Bear With Me

Rebel Black Bear

I wrote once before, briefly, about the new Ole Miss mascot Rebel Black Bear, but I’ve been meaning to revisit it since.

First, I feel a certain amount of obligation to support the decision. I wrote a while back, and have ranted at length on various occasions about how much it bothers me that Ole Miss has been gradually losing any unique identity. For the first time in over a decade, since the ill-fated “M Flag,” something that was taken away has been replaced. The bear isn’t Colonel Reb, but at least we have something that’s “ours” that we can put on shirts.

Second, my generation, and those before me, aren’t going to embrace the Black Bear, at least not any time soon. I grew up with Colonel Reb. I wore shirts with him on it. He was very Ole Miss to me. He was our mascot, and we love him. No matter how good an idea they come up with, it’s not going to have the history and established affection of Colonel Reb. So I have to acknowledge to myself that I couldn’t have that be an expectation for the mascot selection.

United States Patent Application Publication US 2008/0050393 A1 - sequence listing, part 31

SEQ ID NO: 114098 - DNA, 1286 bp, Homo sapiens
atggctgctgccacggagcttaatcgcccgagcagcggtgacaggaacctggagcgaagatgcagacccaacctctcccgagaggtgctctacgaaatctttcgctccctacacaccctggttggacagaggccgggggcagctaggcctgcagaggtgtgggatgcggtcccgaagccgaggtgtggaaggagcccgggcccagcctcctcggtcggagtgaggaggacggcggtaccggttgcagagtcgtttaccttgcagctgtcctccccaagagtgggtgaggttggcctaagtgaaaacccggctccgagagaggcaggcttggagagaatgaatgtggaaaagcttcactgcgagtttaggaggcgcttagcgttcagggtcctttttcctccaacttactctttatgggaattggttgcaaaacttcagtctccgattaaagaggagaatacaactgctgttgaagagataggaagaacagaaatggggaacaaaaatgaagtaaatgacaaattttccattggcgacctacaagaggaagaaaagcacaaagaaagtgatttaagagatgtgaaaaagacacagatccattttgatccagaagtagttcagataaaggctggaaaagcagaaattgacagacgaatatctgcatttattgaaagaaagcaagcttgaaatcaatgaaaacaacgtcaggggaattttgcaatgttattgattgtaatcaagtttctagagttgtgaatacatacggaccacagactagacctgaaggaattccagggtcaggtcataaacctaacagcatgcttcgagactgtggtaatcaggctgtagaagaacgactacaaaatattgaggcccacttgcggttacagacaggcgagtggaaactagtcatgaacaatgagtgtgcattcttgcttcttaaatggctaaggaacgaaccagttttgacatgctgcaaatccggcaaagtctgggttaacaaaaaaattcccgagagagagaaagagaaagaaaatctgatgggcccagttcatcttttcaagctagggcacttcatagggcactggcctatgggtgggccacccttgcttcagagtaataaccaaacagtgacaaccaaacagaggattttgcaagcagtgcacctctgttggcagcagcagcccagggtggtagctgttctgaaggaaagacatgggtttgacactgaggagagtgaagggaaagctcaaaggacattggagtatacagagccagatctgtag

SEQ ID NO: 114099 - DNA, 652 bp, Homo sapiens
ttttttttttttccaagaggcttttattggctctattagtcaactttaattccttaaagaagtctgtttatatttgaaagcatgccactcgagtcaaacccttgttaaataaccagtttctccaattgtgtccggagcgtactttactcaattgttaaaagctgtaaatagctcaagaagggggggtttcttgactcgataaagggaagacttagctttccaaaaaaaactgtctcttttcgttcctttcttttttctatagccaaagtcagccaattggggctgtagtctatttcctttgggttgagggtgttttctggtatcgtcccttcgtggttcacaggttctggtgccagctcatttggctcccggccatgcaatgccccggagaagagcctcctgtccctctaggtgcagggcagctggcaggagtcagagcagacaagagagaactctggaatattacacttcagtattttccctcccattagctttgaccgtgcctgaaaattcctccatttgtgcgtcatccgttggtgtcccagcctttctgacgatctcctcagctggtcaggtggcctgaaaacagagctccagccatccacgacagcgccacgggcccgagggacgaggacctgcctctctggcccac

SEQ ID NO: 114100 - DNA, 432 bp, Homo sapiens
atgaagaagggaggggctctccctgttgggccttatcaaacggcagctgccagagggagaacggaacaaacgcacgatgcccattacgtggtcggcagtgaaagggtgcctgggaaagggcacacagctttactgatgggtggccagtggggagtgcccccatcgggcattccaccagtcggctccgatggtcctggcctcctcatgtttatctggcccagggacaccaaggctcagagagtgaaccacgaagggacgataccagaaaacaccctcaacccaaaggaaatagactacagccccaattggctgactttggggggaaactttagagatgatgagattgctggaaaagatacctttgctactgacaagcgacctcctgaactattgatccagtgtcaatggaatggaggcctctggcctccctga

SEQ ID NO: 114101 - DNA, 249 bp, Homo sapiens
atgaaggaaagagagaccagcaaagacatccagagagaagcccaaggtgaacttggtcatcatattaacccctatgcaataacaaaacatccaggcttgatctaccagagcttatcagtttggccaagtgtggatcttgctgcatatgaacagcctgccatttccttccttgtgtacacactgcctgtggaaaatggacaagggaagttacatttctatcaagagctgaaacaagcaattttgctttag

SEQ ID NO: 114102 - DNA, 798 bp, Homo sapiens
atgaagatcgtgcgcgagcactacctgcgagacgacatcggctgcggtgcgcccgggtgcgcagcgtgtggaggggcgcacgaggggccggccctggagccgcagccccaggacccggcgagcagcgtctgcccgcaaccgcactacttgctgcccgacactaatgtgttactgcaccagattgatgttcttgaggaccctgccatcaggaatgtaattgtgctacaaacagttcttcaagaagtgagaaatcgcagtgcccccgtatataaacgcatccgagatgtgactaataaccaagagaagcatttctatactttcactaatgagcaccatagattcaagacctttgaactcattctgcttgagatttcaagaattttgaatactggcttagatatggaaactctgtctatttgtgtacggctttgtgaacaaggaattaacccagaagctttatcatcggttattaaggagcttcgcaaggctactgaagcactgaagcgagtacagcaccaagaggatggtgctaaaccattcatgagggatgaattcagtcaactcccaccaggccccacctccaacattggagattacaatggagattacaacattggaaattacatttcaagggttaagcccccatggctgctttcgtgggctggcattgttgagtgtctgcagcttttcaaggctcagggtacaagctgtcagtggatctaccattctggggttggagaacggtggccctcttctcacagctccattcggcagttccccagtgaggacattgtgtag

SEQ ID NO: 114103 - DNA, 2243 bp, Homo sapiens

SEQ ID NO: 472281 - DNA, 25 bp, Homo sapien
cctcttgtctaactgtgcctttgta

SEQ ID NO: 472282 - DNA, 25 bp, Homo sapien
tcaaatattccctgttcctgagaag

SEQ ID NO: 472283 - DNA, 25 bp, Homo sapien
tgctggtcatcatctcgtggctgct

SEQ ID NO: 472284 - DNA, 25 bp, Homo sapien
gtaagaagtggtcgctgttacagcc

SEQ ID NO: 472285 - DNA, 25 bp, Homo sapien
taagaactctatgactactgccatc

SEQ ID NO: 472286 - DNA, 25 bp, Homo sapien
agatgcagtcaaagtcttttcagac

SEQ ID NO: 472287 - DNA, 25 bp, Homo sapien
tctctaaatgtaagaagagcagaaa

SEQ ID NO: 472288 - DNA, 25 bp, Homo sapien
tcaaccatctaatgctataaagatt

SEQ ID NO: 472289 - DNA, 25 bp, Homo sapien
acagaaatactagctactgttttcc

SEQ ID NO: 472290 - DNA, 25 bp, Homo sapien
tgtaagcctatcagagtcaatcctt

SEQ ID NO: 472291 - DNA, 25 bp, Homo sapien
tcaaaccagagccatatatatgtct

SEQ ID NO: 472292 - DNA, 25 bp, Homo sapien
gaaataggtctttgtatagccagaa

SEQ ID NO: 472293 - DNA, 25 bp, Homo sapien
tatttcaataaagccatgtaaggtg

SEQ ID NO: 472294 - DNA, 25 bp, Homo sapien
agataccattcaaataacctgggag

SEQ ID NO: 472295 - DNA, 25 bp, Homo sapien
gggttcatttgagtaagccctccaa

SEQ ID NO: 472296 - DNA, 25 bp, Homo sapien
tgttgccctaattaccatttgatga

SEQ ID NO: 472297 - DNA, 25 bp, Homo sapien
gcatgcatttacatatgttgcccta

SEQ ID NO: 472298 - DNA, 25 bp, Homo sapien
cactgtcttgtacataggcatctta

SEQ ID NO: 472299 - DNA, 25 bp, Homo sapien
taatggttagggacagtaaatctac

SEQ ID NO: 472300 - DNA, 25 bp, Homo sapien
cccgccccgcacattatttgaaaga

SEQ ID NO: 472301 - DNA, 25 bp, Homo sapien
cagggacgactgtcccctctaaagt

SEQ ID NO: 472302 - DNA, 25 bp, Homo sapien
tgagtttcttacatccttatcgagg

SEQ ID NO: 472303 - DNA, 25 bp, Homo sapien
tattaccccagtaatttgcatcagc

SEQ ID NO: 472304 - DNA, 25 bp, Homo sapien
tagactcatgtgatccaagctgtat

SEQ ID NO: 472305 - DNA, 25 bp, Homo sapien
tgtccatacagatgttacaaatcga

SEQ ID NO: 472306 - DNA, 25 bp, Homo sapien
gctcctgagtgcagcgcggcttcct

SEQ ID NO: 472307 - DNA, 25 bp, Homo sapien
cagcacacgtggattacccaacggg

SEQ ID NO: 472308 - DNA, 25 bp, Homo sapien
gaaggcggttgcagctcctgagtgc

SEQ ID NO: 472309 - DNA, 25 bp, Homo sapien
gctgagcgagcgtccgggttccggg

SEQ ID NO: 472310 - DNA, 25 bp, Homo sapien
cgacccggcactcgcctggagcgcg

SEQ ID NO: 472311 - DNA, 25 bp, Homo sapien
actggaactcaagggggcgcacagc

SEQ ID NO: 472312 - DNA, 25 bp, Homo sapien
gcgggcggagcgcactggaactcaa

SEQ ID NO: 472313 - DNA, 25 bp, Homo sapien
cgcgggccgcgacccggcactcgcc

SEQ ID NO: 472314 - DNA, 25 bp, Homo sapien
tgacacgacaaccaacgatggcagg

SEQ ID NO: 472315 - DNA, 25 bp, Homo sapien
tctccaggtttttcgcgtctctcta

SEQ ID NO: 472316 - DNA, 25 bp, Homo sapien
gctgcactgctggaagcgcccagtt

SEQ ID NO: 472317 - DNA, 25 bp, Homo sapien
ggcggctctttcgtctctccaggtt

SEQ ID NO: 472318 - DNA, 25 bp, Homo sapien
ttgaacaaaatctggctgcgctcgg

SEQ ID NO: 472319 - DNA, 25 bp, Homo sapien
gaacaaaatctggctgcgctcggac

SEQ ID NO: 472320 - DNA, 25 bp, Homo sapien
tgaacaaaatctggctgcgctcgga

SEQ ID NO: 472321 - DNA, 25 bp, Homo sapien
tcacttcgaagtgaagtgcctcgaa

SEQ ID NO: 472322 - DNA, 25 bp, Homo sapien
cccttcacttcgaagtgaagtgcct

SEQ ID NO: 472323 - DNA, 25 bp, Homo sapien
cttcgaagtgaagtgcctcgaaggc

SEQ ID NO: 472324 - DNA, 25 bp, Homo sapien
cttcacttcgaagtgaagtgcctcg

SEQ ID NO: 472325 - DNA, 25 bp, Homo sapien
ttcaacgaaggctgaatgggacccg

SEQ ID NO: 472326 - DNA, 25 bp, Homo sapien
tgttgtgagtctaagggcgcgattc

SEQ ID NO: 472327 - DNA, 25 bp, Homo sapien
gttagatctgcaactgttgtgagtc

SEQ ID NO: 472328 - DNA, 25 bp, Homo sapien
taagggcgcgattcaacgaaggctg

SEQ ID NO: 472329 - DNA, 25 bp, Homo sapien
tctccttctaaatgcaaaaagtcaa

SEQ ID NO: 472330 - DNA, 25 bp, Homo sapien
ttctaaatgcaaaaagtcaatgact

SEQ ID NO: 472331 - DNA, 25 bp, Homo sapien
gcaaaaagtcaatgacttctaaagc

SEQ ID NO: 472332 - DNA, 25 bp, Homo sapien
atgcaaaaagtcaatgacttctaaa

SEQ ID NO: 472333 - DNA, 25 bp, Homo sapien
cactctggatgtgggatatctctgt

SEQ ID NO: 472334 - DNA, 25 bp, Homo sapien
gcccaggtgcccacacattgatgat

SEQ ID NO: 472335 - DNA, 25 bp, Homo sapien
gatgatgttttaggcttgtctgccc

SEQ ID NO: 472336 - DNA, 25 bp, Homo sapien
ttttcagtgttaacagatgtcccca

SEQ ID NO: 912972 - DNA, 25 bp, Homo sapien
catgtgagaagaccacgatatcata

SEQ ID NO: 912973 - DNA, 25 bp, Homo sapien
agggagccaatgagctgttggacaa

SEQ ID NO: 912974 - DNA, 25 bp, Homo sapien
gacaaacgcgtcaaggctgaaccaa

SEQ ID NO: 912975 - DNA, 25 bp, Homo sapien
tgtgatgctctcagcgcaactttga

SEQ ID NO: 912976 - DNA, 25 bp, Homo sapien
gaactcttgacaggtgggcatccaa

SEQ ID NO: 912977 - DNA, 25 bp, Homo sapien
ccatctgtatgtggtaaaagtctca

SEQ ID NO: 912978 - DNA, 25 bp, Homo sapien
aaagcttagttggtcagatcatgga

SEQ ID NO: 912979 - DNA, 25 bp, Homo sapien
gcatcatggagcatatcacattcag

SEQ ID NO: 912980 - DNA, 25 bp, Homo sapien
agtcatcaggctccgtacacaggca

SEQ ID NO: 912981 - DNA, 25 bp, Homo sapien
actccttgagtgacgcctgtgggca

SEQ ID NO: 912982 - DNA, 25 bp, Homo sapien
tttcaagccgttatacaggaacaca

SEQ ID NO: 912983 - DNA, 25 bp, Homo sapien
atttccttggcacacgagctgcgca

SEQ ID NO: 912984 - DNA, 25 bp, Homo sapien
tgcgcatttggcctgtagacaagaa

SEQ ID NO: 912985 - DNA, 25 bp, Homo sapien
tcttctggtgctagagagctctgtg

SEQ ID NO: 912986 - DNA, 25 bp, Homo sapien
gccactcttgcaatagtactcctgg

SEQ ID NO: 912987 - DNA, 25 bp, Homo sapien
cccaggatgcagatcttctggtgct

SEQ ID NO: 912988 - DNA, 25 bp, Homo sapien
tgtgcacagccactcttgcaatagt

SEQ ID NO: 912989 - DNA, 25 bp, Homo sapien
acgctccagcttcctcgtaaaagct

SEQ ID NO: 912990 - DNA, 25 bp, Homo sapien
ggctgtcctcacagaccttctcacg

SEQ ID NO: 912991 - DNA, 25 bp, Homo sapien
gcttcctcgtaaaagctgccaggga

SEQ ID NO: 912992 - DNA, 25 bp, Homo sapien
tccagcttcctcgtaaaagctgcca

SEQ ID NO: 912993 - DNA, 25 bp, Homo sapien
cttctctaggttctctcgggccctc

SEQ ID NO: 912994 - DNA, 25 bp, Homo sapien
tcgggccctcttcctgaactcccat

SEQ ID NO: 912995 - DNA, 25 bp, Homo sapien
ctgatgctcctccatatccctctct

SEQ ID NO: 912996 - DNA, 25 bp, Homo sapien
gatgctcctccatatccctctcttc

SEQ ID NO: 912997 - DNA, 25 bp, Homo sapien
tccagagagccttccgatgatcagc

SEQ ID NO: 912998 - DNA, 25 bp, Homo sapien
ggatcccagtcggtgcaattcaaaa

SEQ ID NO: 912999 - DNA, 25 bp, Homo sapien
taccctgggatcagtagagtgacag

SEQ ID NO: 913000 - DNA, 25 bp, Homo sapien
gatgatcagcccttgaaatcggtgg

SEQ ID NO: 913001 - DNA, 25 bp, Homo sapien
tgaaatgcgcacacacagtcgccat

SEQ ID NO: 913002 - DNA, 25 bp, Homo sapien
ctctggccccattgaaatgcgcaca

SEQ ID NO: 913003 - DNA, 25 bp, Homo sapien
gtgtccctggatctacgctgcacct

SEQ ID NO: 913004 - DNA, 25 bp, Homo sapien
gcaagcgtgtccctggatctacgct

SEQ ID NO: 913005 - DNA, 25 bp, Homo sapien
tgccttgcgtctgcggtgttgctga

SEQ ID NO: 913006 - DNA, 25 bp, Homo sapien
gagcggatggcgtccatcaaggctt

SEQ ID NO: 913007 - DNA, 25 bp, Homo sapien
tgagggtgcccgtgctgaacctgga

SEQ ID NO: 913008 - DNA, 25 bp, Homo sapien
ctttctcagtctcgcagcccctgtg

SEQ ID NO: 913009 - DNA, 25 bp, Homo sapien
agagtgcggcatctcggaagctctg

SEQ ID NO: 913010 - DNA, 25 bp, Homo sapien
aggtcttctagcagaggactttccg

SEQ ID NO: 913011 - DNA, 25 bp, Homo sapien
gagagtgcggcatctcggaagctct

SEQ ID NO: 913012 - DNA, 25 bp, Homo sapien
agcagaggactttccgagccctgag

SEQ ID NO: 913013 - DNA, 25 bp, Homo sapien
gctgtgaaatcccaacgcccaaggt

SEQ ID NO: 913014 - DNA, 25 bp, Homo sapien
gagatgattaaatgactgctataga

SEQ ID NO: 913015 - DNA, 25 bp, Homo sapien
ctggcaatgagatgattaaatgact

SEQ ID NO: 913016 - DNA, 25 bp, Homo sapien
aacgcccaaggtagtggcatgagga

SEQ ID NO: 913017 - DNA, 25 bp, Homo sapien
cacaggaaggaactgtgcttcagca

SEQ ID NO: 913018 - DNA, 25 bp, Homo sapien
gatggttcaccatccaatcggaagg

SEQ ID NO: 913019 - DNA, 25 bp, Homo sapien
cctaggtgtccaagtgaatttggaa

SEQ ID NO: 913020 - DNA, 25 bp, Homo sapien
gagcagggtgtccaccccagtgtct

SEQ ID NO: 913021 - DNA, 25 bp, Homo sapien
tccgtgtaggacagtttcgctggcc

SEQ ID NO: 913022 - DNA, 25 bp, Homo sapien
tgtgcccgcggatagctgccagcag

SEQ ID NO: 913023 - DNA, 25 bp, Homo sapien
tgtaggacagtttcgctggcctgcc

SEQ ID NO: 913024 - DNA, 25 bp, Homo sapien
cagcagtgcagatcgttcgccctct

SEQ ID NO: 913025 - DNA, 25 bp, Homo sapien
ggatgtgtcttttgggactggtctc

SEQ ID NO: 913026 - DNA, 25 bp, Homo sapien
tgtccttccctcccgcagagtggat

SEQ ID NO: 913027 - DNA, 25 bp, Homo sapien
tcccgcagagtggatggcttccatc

Third, yes, I cast my vote, and, yes, I voted for the Black Bear. As I said, I didn’t love it, but I didn’t love any of the options. So I asked Heather what she thought her boys would like. Because, like I said, the new mascot isn’t for my generation, or the ones before me. It’s for the students yet to come. There are kids today in first or second grade in Mississippi that have never seen an Ole Miss mascot on the field. For them, the Black Bear will be their Ole Miss mascot, the same way Colonel Reb was mine. When they’re at Ole Miss, they’re going to love the Black Bear the same way I loved Colonel Reb. So the question I asked in casting my vote was, which choice is most likely to inspire those feelings in kids that are children now, and will grow up with whatever we vote on.

There’s some irony to the Black Bear. In tying it to Ole Miss, the mascot committee cited two bears with Mississippi connections, the one in William Faulkner’s “The Bear,” and the Teddy Bear, which has its origins in Onward, Mississippi. Scratch the surface, and not only are these both two stories of bears in Mississippi, they’re two stories of bears that got slaughtered brutally.

Perhaps it’s a decent choice for an Ole Miss mascot after all.